July 22, 2013 - July 24, 2013
Gauteng, South Africa
Events • March 20, 2013
The 4th China Satellite Navigation Conference (CSNC 2013) will be held on May 15-17, 2013 in Wuhan, China. It will incorporate a wide range of activities, such as academic exchange, high-level forum, and technical presentations.
A China Satellite Navigation Technology and Application Achievement Exhibition will be held all three days in parallel with the event.
Inside GNSS • March/April 2013
The navigation world is booming with new ideas at the moment to meet some of the greatest positioning challenges of our times. To realize demanding applications — such as reliable pedestrian navigation, lane identification, and robustness against interference, jamming and spoofing — we need to bring these different ideas together.
Ventures • February 19, 2013
Although not on the scale or at the strategic level of China National Offshore Oil Corporation’s takeover of Canada’s Nexen Inc., the recent acquisition of the Precise Products business of Hemisphere GPS by Beijing UniStrong Science & Technology Co. Ltd. marks a notable achievement in the GNSS world — the acquisition of a North American manufacturer with core GNSS receiver intellectual property by a Chinese enterprise.
February 19, 2013
Spectracom has announced the upgrade capability of its GNSS simulators to China’s BeiDou system.
The Spectracom GSG Series 5 and Series 6 GNSS simulators, released last year, are designed to be field upgradeable to simulate current and future GNSS constellations.
The recent release of the Beidou ICD specification has enabled Spectracom to ensure that its GSG Series 5 and Series 6 equipment will be able to simulate these satellites with a simple field-upgradeable firmware update.
Ventures • February 1, 2013
[Updated February 4, 2013] Hemisphere GPS Inc. moved closer to a final exit from the OEM GNSS space yesterday (January 31, 2013) by signing a definitive agreement to sell the business assets associated with its non-agricultural operations to the Canadian subsidiary of Beijing UniStrong Science & Technology Co. Ltd., which will operate under the name The cash sale price was $14.96 million.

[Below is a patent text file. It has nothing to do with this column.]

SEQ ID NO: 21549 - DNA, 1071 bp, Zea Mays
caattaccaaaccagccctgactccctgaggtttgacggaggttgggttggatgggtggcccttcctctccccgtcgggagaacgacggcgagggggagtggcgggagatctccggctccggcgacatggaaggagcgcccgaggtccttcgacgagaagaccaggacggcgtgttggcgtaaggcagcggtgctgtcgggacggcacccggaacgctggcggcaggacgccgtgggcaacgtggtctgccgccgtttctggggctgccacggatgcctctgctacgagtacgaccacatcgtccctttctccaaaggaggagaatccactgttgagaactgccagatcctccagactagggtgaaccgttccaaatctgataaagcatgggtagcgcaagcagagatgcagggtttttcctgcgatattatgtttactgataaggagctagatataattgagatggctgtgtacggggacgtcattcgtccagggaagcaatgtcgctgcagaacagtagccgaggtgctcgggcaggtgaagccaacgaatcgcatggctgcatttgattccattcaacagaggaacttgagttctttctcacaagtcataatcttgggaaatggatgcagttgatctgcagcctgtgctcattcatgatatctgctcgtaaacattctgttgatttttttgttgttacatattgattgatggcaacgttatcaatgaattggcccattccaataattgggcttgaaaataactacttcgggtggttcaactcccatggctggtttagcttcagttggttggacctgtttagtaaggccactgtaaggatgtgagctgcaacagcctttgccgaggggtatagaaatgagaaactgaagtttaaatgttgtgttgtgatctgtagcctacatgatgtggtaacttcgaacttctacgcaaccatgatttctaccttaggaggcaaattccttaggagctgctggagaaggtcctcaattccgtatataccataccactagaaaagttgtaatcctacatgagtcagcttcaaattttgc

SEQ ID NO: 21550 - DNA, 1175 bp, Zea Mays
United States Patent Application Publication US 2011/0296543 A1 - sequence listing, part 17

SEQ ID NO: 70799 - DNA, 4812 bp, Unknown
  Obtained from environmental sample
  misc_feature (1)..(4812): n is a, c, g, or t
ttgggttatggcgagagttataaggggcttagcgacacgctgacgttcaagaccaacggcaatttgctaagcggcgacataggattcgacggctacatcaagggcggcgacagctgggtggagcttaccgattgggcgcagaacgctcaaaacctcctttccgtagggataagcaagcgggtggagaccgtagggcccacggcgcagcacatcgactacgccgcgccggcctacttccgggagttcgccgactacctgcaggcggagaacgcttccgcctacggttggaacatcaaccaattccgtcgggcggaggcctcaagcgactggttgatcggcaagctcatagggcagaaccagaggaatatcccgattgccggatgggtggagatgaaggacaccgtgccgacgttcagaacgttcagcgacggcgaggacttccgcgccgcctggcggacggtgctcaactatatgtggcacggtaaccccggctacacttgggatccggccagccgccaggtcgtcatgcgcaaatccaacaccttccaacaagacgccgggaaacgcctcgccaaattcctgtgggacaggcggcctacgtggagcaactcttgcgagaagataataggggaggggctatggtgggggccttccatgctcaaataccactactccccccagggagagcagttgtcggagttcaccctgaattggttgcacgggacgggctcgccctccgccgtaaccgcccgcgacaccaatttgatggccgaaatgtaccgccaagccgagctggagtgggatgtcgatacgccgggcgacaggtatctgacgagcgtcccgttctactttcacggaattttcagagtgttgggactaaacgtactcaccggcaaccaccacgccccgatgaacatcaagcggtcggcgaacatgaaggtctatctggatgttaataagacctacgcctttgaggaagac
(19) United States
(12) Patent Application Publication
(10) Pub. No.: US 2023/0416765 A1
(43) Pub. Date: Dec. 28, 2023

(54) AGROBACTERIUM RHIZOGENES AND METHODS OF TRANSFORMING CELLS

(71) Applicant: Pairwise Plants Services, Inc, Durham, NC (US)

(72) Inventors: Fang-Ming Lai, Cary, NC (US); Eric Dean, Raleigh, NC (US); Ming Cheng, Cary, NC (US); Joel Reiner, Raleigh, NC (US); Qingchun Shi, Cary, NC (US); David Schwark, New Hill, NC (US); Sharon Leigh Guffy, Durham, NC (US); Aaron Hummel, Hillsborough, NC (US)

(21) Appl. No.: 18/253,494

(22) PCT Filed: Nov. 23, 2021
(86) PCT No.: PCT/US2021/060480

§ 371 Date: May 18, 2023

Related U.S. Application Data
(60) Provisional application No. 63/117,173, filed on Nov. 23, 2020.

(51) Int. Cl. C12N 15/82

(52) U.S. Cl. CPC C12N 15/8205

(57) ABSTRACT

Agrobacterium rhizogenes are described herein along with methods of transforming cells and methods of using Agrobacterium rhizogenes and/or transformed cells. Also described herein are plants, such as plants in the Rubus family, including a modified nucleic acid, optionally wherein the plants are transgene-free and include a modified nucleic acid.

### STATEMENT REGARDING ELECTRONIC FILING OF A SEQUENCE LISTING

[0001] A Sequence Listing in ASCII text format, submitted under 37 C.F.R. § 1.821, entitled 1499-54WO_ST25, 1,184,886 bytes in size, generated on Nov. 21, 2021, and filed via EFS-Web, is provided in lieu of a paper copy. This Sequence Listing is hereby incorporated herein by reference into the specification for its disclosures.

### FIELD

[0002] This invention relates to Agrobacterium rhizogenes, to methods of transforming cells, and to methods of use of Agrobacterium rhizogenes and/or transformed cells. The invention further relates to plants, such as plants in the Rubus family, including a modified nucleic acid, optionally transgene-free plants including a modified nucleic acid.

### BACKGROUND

GNSS Solutions • January/February 2013
Q: What will limit the spread of multi-frequency GNSS receivers into the mass market?
A: To set the scene, we need to define our terms of reference. By multi-frequency we mean receivers that operate with navigation signals in more than just the standard upper L-band from about 1560–1610 MHz where we find GPS L1, Galileo E1, Compass B1, and GLONASS L1. The obvious additional frequency is the lower L-band, from about 1170 to 1300 MHz, where again the same four constellations have signals.
Thinking Aloud • January/February 2013
The whole GNSS world should have a warm spot in its heart for centripetal forces.
After all, a centripetal force — in this case, gravity — is what keeps planets in rotation around our Sun and satellites, around the Earth.
Centrifugal force, of course, is what throws us off a merry-go-round or carousel. Centripetal force is what keeps us on board.
For those on a merry-go-round, the centripetal force is not gravity, but rather the tensile strength of our arms pulling us toward the center of rotation, at right angles to the motion of our seats.
Inside GNSS • January/February 2013
Galileo promoters have always tended to try to link the program to new jobs and economic growth, arguing that once Europe’s global satnav system is up and running, new services will be possible and opportunities for EU companies will abound.
Such arguments needed to be made, to bolster the chronically tenuous political support Galileo has garnered from the European Union (EU) powers-that-be and the chronic lack of faith among just about everybody in Europe’s ability to actually make the system fly.
Inside GNSS • January/February 2013
The world’s four GNSS programs aren’t exactly a classical quartet, weaving Mozart stanzas in disciplined execution.
They are more like a new jazz combo, riffing off one another while still trying to get in the groove.
Whatever image the metaphor evokes, if the world’s GNSS programs want to hit that high note of interoperability (to which they all say they aspire), the operators of GPS, GLONASS, BeiDou, and Galileo must learn to harmonize better.